In the performance “Silkworms” (Radialsystem, seen on 3 December 2021) choreographers and dancers Renae Shadler and Mirjam Sögner interweave choreography with poignant visuals in order to highlight the skin as a sensual vessel. Through persistent attention to tactile feedback, they generate a choreographic structure that is able to channel the creation and dismantling of imaginative landscapes and which is marked by the outcomes of a process of sensorial research and movement production.
When I was a child, my grandfather told me how his family bred silkworms in the countryside. Far from being a luxury pursuit, the silkworms represented the possibility of survival. Thanks to the income they made from the worms, they were able to pay the rent for their farmland. In spite of this, I remember more from his stories than just the economic aspects of the practice. I also remember the fantastical elements — the magic of the worms weaving their cocoons, the waiting as the worms transformed, the mulberry leaves.
“Silkworms” starts in a small, intimate space separated out from the main stage. Inside this black box, a large white textile hangs from the ceiling over a couple of small black tables. Shadler and Sögner are seated on the floor soaking some pieces of fabric in yellow dye. A few moments later they take the fabric pieces from the dye and weave them together, placing the result on one of the black tables. The interwoven textile looks like a saleable piece of art. The performers then take down the white hanging textile. They fold it, knot it, and carry it with them to the stage. The audience follow and we are invited to take our seats. On the main stage, Shadler and Sögner hang their fabric sculpture in the back left-hand corner. In the other corner, I see a set of wooden poles lying on the floor.
The first thing I notice once we have moved from one space to another is the how the nature of the relationship between the performers has changed. In the little black room, they were close together but now, even though they are in perfect time with one another, they seem distant and detached. They begin to walk over some yellow textiles which are positioned on the stage as though they are gliding across ice. As they move, they modify the intensity of their movements. The light in the room increases and becomes warmer in contrast to the previous sense of coldness. The interweaving of the performers’ forearms forms a powerful gesture. Through this gesture and the following movement sequence, Shadler and Sögner connect their centres of gravity and shift them in the space. They then create a triangular form like a sculpture through the union of their bodies. To me, this action seems to recall the textile artwork they created together at the beginning of the piece.
Shadler and Sögner turn to the long wooden poles lying in the corner of the stage and begin interacting with them. The ensuing movement sequence is based around lifting the poles from the ground and assembling them in ways that recall elements of weaving. It is as though they are going beyond the physical constraints of the straight poles and somehow creating a web. They then appear to enact a kind of meditation in movement, caressing the ground. The intensity of their movements increases until it culminates in the destruction of the wooden structure to create, along with the previously used yellow textiles, two flags.
The music becomes louder. As they walk around the space holding the flags, the performers make eye contact with the audience for the first time. The visual focus changes, as though they have discovered that there is an outside world again. Shadler and Sögner hang the flags from cables attached to the ceiling in the centre of the stage and then set them swinging. They unpack the textile sculpture and, covering their mouths with a piece of it, create a tube of fabric between them. Once they have transfigured themselves into a kind of two-headed worm, they dance energetically. It is such a compelling moment! A vibrant light emerges from the back of the stage. The performers seem to be called by it and exit the stage through the back door towards an illuminated silver screen, hung on the outside of the building. The audience are invited to follow them.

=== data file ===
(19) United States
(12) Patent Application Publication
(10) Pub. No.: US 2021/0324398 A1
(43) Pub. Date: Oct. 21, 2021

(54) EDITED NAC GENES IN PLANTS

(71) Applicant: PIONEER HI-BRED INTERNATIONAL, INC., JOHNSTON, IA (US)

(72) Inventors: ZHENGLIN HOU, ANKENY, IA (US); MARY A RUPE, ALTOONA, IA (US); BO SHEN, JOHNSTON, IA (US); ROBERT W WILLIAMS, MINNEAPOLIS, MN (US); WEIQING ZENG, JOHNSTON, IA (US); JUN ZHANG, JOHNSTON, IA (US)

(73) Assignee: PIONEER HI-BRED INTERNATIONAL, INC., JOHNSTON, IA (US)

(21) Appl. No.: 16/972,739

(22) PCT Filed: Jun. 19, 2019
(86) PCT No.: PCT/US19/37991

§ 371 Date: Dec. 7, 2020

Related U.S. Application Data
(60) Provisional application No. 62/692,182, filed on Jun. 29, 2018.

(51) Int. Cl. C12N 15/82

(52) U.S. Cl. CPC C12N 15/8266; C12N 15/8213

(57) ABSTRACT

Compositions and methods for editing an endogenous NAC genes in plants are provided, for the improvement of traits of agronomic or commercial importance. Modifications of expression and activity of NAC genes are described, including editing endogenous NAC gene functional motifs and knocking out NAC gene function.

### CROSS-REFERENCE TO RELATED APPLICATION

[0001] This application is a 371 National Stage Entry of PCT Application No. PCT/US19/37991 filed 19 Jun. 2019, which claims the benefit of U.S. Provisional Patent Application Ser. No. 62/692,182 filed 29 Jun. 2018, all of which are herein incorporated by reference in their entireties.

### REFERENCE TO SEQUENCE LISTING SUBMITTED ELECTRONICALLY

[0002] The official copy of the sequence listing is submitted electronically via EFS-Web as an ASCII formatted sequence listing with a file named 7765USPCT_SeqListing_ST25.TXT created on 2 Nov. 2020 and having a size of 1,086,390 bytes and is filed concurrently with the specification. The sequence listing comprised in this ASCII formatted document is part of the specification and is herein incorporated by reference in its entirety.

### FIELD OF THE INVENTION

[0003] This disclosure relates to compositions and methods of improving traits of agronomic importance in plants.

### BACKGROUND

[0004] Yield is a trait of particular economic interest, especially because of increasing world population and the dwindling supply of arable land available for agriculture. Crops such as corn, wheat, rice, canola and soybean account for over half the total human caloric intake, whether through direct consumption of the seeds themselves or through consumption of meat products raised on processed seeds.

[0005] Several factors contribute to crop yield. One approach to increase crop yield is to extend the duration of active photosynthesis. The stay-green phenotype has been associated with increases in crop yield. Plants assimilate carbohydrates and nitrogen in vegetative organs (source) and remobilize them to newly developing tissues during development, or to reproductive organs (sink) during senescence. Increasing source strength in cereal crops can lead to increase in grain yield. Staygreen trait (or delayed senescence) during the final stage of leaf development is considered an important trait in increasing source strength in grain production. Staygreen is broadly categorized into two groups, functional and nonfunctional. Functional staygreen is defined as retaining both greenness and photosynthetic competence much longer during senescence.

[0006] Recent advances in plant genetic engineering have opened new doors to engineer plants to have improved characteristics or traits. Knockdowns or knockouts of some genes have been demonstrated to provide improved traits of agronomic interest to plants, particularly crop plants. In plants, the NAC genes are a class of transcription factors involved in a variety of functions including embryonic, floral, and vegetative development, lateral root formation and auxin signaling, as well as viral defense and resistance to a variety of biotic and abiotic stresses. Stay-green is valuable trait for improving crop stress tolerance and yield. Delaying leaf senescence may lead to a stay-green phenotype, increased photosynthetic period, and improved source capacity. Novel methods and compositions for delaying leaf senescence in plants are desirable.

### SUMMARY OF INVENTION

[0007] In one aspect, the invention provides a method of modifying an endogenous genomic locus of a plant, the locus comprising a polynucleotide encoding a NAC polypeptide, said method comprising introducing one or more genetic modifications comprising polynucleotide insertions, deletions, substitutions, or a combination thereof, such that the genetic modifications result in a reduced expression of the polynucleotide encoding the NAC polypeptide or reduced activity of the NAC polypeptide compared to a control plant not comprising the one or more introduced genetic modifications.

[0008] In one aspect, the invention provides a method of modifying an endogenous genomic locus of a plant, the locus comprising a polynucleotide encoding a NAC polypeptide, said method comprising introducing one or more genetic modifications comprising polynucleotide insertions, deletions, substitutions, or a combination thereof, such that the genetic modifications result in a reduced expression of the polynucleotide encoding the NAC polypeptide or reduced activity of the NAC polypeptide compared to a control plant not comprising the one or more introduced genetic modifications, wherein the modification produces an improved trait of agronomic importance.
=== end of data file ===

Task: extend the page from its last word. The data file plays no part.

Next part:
From the very beginning of the piece, I feel I am experiencing a performance in which two individual creative personalities — namely, Shadler and Sögner — merge in order to develop a choreographic narrative where the gaze and the physical presence of the audience become a synergetic component of the performance. In this dance work I find that the element of transformation is so aptly intertwined with the materiality used in the work and the manner in which materials mutate into one other. In the programme notes it is written: ‘We are interested in the cocoon itself and how this specific space facilitates transformation.’ In the moment Shadler and Sögner cover their faces with the textile, they also transform their identities and create a new fantastic imaginative reality in response to that which we are all experiencing globally. Another element that strongly emerges from the work for me is the sense of touch and the multilayered amplified cognition it brings with it. “Silkworms” seems to be a work that is intended not only as a metaphor, but also as a choreographic mechanism through which tactile attention to texture — wood, skin, fabric — changes and transforms constantly through contact.
“Silkworms” by Renae Shadler and Mirjam Sögner premiered at Radialsystem from 3 to 5 December 2021.
Concept, Choreography and Performance: Renae Shadler and Mirjam Sögner. Composition: Tobias Purfürst. Set and Costume Design: Judith Förster. Lighting Design: Emese Csornai. Creative Companion: Pauline Payen. Production: ehrliche Arbeit – freies Kulturbüro.